When you rip open a bag of M&Ms, how do you eat 'em? Pop one at a time, rapid-fire? Pour handfuls into your waiting maw? Or do you slide a single one into your mouth, suck on it for awhile, then finally swallow and consider, possibly, having another?
The way you answer that question could have remarkable ramifications for how you approach life in general. Are you the type of person who consumes new experiences at a phenomenal rate? Do you let everything go by in a rush as you focus on something else? Or, perhaps, do you savor each experience one at a time?
Interestingly, conventional wisdom might be right for once. Savoring one experience at a time lets you take in more, and more importantly, understand more. I once met a maharaja who visited my cultural anthropology class in New Zealand. He insisted that it would take many years to learn what he was about to try and teach us in an hour. Being young and inexperienced, after the lesson was over I privately scoffed at the seeming simplicity and easiness of the concepts. How could it possibly take years to learn this?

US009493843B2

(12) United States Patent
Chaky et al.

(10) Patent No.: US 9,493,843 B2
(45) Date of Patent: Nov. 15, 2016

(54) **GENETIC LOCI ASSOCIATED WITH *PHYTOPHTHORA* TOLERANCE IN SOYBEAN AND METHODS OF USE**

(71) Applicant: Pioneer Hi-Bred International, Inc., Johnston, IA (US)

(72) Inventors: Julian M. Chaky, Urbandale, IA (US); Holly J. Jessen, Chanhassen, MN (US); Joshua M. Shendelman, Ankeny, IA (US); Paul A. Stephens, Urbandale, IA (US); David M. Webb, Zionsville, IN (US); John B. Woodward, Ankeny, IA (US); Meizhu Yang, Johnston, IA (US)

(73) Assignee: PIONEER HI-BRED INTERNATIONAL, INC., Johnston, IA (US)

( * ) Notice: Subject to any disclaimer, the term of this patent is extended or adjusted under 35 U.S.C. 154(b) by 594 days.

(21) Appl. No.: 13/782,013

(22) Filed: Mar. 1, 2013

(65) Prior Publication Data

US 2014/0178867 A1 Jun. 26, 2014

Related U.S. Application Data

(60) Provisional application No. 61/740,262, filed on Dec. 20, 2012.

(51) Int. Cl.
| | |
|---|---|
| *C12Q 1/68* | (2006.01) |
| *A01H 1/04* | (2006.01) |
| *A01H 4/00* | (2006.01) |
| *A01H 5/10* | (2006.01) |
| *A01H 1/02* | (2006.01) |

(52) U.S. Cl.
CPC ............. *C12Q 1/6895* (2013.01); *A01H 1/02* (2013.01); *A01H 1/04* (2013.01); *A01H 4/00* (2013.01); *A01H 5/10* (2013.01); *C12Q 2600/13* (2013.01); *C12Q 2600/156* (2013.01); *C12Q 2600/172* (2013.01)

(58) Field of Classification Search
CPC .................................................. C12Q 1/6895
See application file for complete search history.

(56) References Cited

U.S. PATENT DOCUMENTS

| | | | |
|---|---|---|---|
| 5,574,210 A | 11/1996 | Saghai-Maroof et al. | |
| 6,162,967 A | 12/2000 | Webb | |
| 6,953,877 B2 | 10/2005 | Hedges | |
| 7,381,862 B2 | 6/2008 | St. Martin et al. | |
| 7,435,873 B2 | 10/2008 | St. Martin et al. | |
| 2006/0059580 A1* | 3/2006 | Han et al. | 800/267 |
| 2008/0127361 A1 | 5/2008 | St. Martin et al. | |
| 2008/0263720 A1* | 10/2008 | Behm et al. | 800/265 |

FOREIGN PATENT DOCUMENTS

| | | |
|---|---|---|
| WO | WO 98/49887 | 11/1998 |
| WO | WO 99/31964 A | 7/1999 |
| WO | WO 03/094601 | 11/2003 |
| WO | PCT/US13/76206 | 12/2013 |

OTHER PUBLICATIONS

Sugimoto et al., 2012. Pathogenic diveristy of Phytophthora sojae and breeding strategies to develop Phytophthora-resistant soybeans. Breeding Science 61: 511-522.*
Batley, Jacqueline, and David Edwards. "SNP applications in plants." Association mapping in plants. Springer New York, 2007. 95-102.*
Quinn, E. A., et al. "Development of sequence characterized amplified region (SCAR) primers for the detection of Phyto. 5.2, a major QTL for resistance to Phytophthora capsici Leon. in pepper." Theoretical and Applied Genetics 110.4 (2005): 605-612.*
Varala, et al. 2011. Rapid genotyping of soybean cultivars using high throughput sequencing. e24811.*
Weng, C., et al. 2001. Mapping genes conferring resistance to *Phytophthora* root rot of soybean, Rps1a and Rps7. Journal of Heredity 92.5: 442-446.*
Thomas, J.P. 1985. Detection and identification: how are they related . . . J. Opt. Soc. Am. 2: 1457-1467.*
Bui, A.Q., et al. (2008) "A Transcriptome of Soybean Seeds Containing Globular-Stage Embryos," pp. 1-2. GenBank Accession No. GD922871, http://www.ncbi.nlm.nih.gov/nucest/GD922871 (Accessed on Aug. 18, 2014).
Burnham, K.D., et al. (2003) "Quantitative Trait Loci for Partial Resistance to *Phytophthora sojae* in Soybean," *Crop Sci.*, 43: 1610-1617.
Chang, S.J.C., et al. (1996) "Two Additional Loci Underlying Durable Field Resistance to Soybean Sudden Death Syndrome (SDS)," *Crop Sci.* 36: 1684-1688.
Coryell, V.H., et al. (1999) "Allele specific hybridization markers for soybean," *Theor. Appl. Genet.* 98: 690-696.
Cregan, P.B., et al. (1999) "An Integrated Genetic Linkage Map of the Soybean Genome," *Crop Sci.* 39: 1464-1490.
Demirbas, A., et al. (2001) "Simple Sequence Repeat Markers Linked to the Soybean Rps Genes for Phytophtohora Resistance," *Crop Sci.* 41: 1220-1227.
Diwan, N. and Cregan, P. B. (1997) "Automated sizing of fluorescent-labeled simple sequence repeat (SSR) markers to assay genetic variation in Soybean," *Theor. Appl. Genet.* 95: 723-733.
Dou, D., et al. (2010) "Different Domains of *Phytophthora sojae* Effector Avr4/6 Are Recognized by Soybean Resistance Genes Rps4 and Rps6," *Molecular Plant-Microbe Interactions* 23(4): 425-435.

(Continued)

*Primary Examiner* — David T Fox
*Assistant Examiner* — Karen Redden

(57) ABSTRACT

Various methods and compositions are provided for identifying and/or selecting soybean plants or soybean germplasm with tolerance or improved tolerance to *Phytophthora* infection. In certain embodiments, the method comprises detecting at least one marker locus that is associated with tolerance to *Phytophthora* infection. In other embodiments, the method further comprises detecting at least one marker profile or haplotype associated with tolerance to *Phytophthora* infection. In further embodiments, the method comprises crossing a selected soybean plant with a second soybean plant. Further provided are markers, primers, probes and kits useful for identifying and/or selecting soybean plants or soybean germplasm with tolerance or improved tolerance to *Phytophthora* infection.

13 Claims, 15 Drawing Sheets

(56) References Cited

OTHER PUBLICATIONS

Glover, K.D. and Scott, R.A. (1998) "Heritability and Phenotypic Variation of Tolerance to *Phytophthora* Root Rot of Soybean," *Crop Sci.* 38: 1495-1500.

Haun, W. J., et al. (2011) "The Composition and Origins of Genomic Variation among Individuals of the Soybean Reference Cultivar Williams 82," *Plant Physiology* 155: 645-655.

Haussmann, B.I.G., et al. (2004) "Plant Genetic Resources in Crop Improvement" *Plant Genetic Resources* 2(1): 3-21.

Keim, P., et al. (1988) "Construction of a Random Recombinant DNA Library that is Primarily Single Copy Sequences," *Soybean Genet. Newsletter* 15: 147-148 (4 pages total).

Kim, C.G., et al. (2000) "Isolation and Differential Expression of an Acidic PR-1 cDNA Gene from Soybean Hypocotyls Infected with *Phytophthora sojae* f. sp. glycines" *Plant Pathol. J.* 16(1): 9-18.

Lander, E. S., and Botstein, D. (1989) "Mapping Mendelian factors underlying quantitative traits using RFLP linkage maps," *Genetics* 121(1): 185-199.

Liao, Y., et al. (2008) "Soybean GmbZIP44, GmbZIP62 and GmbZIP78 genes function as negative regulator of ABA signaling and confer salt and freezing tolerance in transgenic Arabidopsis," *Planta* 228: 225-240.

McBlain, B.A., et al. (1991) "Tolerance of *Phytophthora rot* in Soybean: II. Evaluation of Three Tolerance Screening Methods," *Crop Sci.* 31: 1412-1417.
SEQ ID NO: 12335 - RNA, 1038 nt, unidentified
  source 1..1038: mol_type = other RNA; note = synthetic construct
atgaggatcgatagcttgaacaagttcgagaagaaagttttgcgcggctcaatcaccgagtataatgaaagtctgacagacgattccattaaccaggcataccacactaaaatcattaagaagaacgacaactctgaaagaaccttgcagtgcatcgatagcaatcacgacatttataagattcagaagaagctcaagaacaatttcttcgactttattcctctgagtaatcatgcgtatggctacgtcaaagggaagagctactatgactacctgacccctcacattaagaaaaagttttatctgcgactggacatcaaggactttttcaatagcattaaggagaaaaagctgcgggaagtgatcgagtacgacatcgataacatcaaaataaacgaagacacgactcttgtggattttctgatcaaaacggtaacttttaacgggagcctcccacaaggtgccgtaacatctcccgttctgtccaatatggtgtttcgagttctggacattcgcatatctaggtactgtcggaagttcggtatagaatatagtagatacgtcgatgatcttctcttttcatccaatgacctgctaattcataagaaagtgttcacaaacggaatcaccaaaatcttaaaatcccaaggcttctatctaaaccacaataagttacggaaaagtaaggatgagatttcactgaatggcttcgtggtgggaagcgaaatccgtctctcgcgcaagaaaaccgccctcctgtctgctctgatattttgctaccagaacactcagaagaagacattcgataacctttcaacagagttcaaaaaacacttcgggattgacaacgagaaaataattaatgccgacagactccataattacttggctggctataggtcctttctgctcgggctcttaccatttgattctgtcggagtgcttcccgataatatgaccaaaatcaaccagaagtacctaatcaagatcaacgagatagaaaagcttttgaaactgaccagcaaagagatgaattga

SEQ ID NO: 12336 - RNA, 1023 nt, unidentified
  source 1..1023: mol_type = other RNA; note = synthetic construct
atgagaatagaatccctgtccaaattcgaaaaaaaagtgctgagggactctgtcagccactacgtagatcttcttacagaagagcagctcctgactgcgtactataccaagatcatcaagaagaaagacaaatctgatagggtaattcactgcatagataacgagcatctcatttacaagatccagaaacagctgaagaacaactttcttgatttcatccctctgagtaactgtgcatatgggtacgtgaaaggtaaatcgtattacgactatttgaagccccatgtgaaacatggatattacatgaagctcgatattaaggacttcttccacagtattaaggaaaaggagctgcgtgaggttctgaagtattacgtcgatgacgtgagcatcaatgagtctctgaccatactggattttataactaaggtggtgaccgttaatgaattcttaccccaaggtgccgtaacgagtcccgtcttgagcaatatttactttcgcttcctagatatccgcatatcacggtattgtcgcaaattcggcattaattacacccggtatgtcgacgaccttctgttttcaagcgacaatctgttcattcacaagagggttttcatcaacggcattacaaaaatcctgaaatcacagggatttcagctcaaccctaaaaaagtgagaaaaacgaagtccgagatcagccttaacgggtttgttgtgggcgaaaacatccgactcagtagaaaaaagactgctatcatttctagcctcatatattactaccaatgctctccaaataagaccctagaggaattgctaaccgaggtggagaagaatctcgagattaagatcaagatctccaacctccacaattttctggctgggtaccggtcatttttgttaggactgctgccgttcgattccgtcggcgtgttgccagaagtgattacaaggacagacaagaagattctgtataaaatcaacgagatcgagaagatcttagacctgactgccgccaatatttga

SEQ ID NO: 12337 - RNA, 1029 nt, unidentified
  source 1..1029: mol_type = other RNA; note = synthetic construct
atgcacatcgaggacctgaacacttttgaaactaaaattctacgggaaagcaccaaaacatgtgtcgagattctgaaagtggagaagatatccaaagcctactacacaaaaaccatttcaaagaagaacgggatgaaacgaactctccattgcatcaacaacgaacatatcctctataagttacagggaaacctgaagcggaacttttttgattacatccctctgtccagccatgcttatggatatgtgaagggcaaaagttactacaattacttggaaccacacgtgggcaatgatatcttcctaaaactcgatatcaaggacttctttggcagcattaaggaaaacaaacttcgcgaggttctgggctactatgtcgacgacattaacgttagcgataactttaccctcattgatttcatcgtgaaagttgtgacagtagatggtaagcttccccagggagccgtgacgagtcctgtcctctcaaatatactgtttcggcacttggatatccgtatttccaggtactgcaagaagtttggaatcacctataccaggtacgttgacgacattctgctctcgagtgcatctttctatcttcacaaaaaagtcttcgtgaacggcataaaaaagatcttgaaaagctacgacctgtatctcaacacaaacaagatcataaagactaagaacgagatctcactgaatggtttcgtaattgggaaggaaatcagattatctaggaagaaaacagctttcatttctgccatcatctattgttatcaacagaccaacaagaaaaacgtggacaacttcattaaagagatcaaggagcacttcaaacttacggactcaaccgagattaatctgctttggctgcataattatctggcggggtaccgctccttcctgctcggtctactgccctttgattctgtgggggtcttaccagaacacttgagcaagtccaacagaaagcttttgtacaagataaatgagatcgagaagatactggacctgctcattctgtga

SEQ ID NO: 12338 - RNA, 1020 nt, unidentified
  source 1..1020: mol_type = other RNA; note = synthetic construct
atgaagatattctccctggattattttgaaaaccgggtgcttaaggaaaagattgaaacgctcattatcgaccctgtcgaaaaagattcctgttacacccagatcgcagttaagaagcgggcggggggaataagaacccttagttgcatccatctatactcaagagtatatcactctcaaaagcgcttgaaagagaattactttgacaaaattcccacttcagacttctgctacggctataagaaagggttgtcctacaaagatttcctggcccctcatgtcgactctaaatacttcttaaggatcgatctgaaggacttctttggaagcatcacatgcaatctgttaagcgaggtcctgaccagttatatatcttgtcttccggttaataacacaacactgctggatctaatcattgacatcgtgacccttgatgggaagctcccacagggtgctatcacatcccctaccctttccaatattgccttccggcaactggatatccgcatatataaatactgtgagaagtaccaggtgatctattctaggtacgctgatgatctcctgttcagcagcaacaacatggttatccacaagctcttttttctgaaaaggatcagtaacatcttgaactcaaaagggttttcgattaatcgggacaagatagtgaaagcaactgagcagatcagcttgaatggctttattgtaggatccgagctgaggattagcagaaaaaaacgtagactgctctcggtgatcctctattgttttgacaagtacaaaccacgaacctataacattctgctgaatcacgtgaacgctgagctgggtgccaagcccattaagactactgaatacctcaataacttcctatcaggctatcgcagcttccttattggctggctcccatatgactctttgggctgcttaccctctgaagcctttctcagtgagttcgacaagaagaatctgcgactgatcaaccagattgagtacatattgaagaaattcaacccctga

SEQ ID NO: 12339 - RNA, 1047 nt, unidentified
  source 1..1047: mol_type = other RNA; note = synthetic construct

Now, eight years later, I understand.
Some things, like the meditative world view the maharaja tried to teach us, are intellectually very easy to disassemble... but very difficult to actually understand. Learning and understanding are two very different, though interrelated, concepts. In order to fully understand a lot of the seemingly simple productivity and personal growth concepts floating around the Web these days, you must experience them over an extended period of time instead of merely seeing them, analyzing them, and casting them aside.
So the next time you open up a bag of those metaphorical candy-coated chocolates, try savoring them one at a time. You might be surprised at how much more you enjoy them.